Module Identifier IP34020  
Module Title EU SIMULATION  
Academic Year 2006/2007  
Co-ordinator Professor Roger M Scully  
Semester Intended for use in future years  
Next year offered N/A  
Next semester offered N/A  
Course delivery Seminars / Tutorials   16 Hours. 8 x 2 Hour workshops on a weekly basis  
  Seminars / Tutorials   12 Hours. 6 x 2 hour workshop sessions at end of module `summit'. The final `summit' sessions will be held over two-days at the University in order to simulate a real-life `EU Summit'.  
Assessment TypeAssessment Length/DetailsProportion
Semester Assessment 1 x 3000 word individual Final Report about the nature of negotiations  50%
Semester Assessment 1 x 2500 word essay  40%
Semester Assessment 1 Oral presentation at Summit10%
Supplementary Exam Students may, subject to Faculty approval, have the opportunity to resit this module. For further clarification please contact the Academic Administrator in the Department of International Politics. 

Learning outcomes

On completion of this module, students should be able to:
1. Describe and analyse the dynamics behind EU politics and decision making
2. Demonstrate an informed understanding of the European Union'r role in the internal security field in Europe
3. Demonstrate a practical understanding of decision-making in the European Union
4. Demonstrate their acquired negotiating skills and transfer them into different contexts.
5. Perform their cultivated inter-personal skills,
6. Perform their oral and written communication skills
7. Demonstrate the development of research skills.
8. Analyse the major policies in the field and demonstrate the ability to use primary documents
9. Critically assess the central problems facing the European Union currently and in the future

Brief description

This module complements Departmental provision in the area of European Union politics. The module aims to provide students with a practical and grounded experience of politics, decision making and negotiation. It develops existing provision in this area and allows participating students to gain deeper knowledge of the dynamics of EU politics and decision making.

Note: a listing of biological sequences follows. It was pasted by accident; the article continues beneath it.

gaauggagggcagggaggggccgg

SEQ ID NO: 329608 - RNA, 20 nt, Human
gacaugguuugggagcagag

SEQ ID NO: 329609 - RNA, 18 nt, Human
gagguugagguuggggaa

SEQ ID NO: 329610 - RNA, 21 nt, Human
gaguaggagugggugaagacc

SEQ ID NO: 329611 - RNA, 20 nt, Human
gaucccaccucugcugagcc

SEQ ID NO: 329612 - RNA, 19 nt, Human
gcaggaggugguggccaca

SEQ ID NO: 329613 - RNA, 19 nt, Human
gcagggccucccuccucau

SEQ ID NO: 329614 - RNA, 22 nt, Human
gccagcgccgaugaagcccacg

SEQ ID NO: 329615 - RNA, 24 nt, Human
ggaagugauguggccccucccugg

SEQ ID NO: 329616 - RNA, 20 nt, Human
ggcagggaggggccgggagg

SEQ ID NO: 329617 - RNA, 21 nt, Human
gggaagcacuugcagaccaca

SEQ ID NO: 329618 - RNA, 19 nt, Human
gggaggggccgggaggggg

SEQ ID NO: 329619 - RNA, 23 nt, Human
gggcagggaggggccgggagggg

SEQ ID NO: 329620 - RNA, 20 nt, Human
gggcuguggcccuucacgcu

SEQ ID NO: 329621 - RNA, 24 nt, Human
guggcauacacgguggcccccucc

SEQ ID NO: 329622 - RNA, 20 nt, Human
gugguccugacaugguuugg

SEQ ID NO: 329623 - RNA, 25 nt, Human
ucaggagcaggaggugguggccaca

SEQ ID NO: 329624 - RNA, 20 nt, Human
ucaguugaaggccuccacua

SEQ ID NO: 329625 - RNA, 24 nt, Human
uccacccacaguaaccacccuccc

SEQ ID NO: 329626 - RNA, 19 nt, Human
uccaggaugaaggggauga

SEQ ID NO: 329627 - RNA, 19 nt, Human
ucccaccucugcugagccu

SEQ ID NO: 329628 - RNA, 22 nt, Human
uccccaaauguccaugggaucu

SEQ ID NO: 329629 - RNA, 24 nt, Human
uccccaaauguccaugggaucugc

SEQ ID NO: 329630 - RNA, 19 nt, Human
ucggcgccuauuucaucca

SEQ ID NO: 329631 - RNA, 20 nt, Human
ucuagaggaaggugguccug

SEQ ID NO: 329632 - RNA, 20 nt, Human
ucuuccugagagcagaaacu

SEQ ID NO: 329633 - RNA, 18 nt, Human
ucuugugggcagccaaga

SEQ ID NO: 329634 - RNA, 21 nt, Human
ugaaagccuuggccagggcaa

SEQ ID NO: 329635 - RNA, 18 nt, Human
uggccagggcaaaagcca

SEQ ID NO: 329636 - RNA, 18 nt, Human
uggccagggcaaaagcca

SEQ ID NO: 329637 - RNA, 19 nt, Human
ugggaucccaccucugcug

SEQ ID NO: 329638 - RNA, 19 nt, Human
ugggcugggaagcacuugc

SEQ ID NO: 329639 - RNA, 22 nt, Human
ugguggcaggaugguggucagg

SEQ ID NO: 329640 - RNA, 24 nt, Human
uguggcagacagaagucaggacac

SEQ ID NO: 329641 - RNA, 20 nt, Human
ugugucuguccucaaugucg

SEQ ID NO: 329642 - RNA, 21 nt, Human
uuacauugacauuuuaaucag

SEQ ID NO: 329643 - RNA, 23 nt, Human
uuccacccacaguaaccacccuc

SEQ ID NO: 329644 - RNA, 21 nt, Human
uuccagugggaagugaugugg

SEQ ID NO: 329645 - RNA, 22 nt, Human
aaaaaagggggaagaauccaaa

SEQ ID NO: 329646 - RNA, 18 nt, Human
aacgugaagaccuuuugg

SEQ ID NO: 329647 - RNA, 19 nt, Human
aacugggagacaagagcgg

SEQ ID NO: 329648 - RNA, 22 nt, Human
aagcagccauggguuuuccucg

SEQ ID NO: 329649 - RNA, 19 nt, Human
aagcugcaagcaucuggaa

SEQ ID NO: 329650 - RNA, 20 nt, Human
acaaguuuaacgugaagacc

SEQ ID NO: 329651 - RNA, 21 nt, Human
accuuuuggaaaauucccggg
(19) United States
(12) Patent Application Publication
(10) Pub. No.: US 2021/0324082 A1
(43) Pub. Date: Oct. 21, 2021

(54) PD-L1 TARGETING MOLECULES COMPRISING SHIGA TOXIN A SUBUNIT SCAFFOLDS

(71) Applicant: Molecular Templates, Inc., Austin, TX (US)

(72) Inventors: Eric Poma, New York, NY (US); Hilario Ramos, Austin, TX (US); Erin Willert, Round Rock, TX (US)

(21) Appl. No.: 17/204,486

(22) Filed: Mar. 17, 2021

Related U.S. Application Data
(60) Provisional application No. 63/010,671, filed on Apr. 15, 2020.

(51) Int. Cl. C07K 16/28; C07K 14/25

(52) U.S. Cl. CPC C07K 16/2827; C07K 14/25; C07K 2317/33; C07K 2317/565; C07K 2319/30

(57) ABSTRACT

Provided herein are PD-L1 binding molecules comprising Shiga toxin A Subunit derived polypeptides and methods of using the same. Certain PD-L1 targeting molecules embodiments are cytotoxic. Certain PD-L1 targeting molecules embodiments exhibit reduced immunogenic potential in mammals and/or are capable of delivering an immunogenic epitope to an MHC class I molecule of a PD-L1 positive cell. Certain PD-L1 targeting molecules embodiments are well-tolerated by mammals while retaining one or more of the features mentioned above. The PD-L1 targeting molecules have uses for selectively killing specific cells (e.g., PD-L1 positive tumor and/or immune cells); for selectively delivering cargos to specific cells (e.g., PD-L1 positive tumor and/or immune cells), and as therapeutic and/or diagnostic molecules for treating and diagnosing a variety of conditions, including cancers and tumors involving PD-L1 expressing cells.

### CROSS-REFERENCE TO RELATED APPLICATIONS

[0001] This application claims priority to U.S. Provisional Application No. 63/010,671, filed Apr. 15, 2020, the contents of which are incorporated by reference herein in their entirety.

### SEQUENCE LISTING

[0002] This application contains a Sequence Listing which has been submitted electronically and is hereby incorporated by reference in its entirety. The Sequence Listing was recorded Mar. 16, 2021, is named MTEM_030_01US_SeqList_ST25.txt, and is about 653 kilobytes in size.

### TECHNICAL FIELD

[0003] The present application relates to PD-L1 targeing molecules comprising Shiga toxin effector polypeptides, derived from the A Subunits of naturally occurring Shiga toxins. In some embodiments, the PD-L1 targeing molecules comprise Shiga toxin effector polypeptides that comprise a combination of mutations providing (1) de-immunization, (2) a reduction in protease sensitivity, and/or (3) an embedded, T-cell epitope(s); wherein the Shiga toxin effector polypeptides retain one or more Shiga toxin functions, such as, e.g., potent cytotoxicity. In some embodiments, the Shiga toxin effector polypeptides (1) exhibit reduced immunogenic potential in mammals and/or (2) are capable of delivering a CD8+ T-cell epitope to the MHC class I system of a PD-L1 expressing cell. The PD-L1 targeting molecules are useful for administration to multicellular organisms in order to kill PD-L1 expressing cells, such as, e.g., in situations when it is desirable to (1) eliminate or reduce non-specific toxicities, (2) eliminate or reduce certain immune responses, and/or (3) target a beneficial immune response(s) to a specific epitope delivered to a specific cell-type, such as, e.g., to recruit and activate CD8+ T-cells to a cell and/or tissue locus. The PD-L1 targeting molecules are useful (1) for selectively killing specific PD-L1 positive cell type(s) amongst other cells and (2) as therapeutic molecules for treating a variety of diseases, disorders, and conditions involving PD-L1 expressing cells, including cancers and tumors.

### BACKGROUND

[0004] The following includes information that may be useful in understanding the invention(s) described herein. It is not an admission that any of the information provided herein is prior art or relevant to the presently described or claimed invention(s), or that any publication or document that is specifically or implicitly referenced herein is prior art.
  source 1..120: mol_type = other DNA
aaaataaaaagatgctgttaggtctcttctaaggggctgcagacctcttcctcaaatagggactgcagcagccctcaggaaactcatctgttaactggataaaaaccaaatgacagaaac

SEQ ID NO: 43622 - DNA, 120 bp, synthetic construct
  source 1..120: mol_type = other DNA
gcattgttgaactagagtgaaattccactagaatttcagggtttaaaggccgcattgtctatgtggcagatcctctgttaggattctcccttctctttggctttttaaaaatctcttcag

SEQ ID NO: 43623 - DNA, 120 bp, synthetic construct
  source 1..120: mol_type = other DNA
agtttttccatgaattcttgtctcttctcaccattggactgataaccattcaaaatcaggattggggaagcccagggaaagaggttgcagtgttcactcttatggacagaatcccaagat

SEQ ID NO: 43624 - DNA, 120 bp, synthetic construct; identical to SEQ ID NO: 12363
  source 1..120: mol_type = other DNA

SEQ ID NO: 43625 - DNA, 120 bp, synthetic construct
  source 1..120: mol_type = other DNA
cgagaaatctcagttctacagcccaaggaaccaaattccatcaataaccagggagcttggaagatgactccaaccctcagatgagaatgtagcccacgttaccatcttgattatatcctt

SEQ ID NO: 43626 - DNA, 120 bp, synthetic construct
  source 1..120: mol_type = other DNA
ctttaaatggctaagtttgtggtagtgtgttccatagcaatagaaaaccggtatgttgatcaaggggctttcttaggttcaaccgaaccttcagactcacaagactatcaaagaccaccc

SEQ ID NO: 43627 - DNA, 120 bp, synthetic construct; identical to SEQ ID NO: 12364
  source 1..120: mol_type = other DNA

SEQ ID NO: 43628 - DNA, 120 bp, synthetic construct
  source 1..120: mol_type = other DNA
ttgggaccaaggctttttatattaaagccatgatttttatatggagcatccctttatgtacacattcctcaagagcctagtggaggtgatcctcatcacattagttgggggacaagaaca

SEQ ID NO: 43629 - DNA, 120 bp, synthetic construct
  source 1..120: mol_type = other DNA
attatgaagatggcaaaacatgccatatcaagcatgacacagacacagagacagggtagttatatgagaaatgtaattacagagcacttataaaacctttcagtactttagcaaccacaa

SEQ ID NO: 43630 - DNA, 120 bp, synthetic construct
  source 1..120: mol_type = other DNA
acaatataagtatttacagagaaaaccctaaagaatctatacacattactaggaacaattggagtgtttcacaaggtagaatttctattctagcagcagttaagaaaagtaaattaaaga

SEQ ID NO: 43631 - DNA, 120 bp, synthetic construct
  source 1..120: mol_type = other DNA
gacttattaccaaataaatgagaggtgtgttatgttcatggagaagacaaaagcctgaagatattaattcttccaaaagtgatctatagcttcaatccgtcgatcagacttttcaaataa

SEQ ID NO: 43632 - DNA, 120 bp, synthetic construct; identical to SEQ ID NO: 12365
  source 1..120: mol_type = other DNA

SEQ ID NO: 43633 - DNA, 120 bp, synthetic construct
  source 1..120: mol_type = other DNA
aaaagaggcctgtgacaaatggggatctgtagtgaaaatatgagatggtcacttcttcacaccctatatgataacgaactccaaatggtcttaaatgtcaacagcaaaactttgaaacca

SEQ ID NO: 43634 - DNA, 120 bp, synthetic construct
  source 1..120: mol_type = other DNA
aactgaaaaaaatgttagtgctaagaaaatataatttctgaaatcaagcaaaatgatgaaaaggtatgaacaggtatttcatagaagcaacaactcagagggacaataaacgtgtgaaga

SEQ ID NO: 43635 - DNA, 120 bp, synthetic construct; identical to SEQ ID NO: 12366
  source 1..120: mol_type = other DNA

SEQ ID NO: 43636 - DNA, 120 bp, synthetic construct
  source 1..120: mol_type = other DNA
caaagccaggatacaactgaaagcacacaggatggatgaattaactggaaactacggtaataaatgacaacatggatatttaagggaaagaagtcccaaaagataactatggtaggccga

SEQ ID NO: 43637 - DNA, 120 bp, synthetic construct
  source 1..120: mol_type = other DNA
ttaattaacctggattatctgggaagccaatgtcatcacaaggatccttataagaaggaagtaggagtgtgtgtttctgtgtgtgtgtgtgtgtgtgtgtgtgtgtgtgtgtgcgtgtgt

This module aims to provide students with a practical and grounded experience of politics, decision making and negotiation in the European Union. Students will be assigned within national, EU institutional and other teams. These teams will then be provided with supporting briefing material, reading lists and an overall scenario. Their task will then be, over the course of the 12-week module, to act within their roles in simulated EU negotiations and decision making. Throughout the course of the module the scenario will evolve both as a result of the students? own progress in negotiation but also as a result of 'rxternal? events inserted by the module convenor. In a final two-day `summit? setting the scenario will be concluded at a negotiating session modeled upon an EU European Council summit.


The simulation will work on the basis of weekly `plenary meetings'. At the first session participants form `negotiating teams' in groups of two or three. Their tasks will include:

This is achieved in relation to a set scenario provided by the module convenor, i.e. terrorist attacks on Britain, and the expected EU policy response to these events, in the light of the following contexts:

Reading Lists

** Recommended Text
Dinan. D (1999) Ever Closer Union London: Palgrave
Hix, S (2005) The Political System of the European Union 2nd. London: Palgrave
Ludlow. P (2002) The Laeken Council Eurocomment: Brussels
Peers. S (2000) Eu Justice and Home Affairs Law London: Longman
Peterson. J. and Bomberg. E. (1999) Decision-Making in the European Union London:Macmillan
Wallace H. and Wallace W. (eds) (2000) Policy-Making in the European Union 4th. Oxford:OUP


This module is at CQFW Level 6